Fans of FX’s Louie will no doubt be thrilled to check out this unrevealing but artsy teaser for the show’s third season, but it’s Showtime that steals most of the spotlight in today’s TV Bits. The premium cable network has a new poster for Episodes, a new teaser for Homeland, and possibly even a new love interest for Dexter. Also after the jump:
- Damages sets a start date for its fifth and final season
- The horror-sitcom Holliston gets renewed for Season 2
- AMC mulls over six scripts for possible pilot orders
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Posted on Friday, April 13th, 2012 by Angie Han
Having spent the last several years gallivanting across Europe with some admittedly wonderful results (Match Point, Vicky Cristina Barcelona, and Midnight in Paris), Woody Allen is finally preparing to return Stateside. At this week’s world premiere of his latest film, To Rome With Love, Allen announced that he would be shooting his next movie in the U.S. The news runs contrary to previous reports that he’d be continuing his Continental tour with Copenhagen as his next stop. For his part, Allen claims to have no idea how the media got that impression. More after the jump.
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2011 saw one of the greatest successes of Woody Allen‘s career, as his film Midnight in Paris did great business on the US arthouse circuit and worldwide, eventually raking in nearly $150m globally. There was also that little matter of winning an Oscar for Best Original Screenplay.
Now Allen returns with To Rome With Love, a vignette-based romantic comedy with most of the action falling into a very familiar Allen mode. (It’s a welcome returns, with lines like “the kid’s a communist, the father’s a mortician… does the mother run a leper colony?”)
The cast features Jesse Eisenberg, Greta Gerwig, Ellen Page, Alec Baldwin, Penelope Cruz, Roberto Benigni (of whom we haven’t seen much in some time), Judy Davis and Woody Allen himself, who hasn’t been in front of the camera since the 2006 release Scoop. The action places that cast in various minor romantic and comic entanglements that all look a bit fluffy, and very entertaining.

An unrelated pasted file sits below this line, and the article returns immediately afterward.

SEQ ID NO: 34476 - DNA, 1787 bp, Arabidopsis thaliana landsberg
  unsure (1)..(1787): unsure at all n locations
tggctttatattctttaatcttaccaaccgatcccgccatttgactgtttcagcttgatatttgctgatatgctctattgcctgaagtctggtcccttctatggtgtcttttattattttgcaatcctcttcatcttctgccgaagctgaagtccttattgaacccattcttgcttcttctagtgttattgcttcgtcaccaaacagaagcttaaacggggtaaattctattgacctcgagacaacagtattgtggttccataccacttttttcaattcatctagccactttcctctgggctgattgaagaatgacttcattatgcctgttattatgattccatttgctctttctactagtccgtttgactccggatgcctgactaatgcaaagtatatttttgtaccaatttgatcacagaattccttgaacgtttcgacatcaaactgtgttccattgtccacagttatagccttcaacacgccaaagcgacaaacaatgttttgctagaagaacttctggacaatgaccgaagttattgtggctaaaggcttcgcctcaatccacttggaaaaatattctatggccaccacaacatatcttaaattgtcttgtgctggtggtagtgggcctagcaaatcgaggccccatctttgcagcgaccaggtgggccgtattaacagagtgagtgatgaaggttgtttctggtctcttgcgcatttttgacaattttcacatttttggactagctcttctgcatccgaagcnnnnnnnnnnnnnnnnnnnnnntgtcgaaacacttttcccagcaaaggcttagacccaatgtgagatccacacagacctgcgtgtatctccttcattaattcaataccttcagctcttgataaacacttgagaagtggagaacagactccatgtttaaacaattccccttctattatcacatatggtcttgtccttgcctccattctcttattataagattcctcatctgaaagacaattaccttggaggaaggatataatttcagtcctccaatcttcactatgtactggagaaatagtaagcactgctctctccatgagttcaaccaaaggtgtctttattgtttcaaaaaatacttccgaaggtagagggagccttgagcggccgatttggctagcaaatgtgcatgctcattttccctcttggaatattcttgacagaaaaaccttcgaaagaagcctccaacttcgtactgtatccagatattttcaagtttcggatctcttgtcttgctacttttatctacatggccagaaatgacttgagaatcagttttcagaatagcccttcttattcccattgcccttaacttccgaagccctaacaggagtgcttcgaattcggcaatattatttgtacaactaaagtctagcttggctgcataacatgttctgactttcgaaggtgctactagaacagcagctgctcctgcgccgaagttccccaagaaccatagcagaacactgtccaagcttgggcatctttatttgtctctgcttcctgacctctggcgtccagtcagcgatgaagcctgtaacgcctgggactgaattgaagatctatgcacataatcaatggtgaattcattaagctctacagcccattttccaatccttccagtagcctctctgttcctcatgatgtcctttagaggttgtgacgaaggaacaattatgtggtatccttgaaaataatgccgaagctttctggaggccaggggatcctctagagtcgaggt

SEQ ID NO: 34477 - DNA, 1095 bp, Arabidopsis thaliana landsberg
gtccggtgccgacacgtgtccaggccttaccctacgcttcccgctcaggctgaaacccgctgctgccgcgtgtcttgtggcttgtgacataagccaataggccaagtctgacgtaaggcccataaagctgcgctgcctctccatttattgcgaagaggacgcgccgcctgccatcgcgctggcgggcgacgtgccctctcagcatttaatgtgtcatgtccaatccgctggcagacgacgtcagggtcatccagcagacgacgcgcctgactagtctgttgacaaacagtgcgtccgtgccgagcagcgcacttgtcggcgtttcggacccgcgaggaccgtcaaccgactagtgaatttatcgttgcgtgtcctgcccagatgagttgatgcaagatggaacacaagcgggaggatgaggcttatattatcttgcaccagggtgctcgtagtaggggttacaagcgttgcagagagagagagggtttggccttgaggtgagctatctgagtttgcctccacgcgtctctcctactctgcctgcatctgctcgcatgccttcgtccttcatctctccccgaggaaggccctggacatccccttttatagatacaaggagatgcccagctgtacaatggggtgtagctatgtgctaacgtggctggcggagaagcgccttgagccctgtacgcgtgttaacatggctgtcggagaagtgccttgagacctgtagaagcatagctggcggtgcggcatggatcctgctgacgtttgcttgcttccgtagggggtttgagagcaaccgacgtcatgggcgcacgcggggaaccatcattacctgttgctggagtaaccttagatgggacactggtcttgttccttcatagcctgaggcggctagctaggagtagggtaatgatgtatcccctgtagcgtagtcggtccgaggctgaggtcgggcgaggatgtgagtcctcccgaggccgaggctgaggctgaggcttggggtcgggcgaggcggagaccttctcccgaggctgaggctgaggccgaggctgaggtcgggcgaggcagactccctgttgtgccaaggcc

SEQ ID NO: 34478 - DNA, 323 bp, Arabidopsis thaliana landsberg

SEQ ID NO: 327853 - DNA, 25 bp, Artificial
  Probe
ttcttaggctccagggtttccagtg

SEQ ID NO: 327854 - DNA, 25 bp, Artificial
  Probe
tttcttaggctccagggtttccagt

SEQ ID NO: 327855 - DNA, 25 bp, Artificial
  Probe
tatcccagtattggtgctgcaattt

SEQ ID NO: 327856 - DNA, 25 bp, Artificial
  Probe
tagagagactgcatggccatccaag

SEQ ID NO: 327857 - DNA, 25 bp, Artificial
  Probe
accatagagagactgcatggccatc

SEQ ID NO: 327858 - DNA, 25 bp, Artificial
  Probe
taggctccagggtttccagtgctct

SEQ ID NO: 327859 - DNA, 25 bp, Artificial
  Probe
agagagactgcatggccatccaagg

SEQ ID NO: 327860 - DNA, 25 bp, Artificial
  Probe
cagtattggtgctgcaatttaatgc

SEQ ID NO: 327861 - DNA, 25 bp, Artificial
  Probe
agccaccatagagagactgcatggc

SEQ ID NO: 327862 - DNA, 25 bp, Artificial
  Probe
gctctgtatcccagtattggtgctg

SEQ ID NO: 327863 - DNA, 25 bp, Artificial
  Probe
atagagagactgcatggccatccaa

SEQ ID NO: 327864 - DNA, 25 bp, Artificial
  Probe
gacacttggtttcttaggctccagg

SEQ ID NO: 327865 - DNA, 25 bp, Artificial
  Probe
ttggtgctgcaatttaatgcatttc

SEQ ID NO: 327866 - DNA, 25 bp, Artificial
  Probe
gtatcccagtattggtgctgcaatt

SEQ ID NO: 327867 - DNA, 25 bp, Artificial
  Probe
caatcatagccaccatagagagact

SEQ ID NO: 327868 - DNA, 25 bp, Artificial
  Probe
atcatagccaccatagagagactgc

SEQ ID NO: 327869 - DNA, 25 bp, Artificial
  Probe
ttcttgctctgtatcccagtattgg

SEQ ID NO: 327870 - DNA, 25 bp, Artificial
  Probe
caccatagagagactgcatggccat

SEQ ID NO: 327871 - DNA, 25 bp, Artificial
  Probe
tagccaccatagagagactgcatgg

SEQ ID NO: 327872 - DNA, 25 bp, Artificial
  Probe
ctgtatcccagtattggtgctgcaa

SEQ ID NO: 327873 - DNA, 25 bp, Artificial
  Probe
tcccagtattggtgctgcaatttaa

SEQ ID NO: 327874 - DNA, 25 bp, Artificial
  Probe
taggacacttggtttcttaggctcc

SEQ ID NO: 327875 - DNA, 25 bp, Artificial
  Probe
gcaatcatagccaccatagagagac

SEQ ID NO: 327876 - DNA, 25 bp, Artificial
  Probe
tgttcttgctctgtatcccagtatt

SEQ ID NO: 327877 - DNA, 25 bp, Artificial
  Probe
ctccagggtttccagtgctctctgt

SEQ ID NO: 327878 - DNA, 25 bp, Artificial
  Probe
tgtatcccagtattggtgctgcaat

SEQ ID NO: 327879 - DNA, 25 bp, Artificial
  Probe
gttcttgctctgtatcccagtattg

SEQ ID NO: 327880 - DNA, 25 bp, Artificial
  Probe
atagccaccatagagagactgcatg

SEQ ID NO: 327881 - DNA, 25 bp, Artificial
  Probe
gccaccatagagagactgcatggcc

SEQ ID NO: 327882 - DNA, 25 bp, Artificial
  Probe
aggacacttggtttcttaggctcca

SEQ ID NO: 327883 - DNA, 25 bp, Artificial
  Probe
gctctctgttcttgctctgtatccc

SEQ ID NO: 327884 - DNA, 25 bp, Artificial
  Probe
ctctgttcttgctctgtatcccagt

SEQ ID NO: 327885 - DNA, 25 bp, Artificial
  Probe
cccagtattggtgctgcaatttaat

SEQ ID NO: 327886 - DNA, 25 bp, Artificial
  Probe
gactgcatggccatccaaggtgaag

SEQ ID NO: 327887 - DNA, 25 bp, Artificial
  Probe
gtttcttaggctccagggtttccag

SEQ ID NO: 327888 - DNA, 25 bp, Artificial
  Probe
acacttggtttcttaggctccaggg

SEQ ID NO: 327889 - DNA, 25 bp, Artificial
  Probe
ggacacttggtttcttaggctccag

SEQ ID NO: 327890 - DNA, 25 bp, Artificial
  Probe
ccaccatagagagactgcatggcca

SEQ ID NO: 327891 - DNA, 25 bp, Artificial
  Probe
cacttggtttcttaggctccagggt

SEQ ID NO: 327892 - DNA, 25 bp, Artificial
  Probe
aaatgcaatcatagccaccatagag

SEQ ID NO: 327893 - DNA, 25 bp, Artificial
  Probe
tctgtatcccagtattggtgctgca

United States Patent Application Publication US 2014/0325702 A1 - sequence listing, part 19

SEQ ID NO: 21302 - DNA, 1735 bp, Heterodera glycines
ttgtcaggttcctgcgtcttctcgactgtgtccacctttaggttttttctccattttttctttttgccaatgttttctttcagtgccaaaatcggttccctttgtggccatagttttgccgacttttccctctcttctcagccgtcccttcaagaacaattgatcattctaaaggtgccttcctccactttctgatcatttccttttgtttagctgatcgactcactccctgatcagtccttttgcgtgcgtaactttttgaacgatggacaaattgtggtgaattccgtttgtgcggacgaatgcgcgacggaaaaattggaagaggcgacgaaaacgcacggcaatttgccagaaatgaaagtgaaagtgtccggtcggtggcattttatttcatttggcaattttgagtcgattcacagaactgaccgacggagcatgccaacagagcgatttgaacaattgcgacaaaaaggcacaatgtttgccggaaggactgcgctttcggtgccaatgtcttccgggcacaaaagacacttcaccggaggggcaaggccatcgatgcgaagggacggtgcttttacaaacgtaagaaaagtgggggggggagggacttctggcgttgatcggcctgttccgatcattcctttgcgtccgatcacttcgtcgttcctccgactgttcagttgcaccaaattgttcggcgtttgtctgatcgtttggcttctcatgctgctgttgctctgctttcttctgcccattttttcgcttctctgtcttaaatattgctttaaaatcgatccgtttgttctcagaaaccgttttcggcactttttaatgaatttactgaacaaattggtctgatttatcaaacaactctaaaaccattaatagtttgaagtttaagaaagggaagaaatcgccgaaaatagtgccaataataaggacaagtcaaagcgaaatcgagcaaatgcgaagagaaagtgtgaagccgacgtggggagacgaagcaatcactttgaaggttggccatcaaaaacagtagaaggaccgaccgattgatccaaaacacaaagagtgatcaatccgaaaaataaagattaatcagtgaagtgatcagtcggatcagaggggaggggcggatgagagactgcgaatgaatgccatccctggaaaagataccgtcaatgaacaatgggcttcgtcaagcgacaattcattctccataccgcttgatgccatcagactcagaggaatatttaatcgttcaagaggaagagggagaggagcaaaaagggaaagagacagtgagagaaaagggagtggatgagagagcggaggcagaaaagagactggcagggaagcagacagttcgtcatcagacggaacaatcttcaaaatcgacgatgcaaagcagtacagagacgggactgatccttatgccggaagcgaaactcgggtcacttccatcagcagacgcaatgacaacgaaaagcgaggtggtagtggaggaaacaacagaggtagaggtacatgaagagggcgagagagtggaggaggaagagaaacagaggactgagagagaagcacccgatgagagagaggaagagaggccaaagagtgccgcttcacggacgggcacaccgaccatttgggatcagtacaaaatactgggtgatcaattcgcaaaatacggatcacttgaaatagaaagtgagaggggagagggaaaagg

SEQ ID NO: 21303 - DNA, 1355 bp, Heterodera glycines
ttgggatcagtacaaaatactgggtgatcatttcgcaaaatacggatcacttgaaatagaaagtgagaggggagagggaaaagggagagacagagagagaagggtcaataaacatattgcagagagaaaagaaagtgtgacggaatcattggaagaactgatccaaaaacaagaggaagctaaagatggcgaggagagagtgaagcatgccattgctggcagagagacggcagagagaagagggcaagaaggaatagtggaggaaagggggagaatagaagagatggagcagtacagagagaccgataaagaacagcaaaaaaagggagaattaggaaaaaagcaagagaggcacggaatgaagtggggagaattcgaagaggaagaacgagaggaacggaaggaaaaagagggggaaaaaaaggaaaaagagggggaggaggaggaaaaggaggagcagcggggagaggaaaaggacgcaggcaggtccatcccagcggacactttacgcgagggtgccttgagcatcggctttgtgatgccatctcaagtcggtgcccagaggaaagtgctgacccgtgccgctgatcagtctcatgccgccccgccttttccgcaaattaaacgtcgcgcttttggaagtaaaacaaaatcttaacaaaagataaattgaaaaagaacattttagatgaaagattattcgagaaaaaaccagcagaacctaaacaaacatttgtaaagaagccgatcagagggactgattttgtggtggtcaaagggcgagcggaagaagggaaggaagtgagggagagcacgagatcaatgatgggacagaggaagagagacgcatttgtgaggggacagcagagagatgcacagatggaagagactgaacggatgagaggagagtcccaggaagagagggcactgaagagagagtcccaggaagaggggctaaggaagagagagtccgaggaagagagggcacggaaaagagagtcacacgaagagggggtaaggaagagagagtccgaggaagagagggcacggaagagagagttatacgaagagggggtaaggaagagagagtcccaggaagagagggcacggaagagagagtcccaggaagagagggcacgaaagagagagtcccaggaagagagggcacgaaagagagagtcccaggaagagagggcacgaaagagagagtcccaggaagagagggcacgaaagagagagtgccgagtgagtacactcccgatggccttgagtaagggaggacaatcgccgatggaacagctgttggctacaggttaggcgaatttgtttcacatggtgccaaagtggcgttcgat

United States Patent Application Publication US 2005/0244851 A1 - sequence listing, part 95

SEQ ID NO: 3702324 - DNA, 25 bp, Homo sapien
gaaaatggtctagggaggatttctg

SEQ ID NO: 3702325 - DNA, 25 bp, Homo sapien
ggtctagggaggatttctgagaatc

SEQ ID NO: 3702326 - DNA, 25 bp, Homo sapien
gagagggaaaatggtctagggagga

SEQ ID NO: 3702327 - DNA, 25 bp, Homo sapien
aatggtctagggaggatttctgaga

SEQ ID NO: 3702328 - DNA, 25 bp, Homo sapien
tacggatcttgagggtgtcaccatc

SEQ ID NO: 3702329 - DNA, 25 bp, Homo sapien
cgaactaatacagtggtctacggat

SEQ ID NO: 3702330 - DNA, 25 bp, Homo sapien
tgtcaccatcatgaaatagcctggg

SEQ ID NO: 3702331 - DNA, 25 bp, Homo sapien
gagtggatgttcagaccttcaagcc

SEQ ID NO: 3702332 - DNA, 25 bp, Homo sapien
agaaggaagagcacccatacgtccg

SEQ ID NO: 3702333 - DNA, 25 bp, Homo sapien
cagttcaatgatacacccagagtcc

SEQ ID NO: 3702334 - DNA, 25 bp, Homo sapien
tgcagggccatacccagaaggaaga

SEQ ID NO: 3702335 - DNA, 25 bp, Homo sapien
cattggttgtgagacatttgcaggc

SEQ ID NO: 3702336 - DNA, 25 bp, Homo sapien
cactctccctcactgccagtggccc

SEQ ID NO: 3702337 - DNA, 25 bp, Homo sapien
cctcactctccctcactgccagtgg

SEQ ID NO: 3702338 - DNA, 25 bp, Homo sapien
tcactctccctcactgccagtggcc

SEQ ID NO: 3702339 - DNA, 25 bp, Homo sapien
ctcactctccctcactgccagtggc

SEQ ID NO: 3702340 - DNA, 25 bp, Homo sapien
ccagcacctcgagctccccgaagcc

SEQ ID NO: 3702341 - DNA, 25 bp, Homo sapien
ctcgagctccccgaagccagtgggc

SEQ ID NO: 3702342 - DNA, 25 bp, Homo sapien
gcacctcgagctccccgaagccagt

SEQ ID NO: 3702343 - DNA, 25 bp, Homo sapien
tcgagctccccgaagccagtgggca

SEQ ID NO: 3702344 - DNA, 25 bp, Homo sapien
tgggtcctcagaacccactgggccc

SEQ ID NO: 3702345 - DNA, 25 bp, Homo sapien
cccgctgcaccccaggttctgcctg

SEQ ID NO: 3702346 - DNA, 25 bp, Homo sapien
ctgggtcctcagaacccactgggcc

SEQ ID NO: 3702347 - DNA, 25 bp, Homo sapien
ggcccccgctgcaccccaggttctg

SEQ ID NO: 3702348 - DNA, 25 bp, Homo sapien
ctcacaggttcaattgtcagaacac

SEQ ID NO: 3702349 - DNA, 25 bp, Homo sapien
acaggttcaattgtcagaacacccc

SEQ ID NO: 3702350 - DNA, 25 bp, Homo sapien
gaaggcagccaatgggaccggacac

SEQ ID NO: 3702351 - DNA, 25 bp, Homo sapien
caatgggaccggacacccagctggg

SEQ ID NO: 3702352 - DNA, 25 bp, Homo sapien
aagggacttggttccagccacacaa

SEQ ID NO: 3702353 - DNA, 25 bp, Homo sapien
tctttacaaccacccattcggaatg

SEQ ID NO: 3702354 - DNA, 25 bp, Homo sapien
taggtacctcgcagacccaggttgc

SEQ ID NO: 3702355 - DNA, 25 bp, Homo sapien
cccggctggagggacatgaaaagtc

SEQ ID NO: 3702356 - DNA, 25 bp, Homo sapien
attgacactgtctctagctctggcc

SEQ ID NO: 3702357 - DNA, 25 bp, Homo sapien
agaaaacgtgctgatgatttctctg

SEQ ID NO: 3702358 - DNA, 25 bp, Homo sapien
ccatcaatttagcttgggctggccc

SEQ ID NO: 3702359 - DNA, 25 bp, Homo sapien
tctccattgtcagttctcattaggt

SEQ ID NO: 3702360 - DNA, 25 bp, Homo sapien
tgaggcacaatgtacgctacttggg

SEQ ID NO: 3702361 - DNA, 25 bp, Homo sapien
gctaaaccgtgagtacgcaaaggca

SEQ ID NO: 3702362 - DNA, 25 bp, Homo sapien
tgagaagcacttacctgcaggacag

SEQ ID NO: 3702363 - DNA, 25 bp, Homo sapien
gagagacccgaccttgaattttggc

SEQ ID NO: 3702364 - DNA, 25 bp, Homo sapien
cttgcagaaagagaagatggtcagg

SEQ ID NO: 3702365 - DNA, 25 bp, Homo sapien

Check out the trailer below. Read More »
Following up his most financially successful film to date, recent Oscar-winner Woody Allen has his next film all but ready to go. It was going to be called Nero Fiddled but distributor Sony Pictures Classics announced the title has changed to To Rome With Love and it’ll be released June 22. Read much more after the jump. Read More »
One of the great fascinations for anyone who appreciates creative endeavors is, I think, the question about where stories come from. It’s great to be able to link any given book, movie or what have you to one specific origin point. Doing so adds context to the story, and helps ground the whole creative process, which can seem so ethereal.
Circulating today is a bit of Woody Allen‘s stand-up comedy, originally documented on an LP in the ’60s and most often heard via the collection Standup Comic. The interesting bit, aside from Allen’s excellent delivery and sense of timing, is that this particular routine, ‘Lost Generation,’ is very obviously the first glimmer of what would become Midnight in Paris.
This routine has, obviously, been around for decades, so it isn’t exactly news. It even circulated at a point last year when far fewer people had seen Midnight in Paris. But with that film having a much higher awareness level now in the wake of its long theatrical run and Allen’s Oscar win, let’s check out the mid-’60s stand-up story that was the seed for the film. Read More »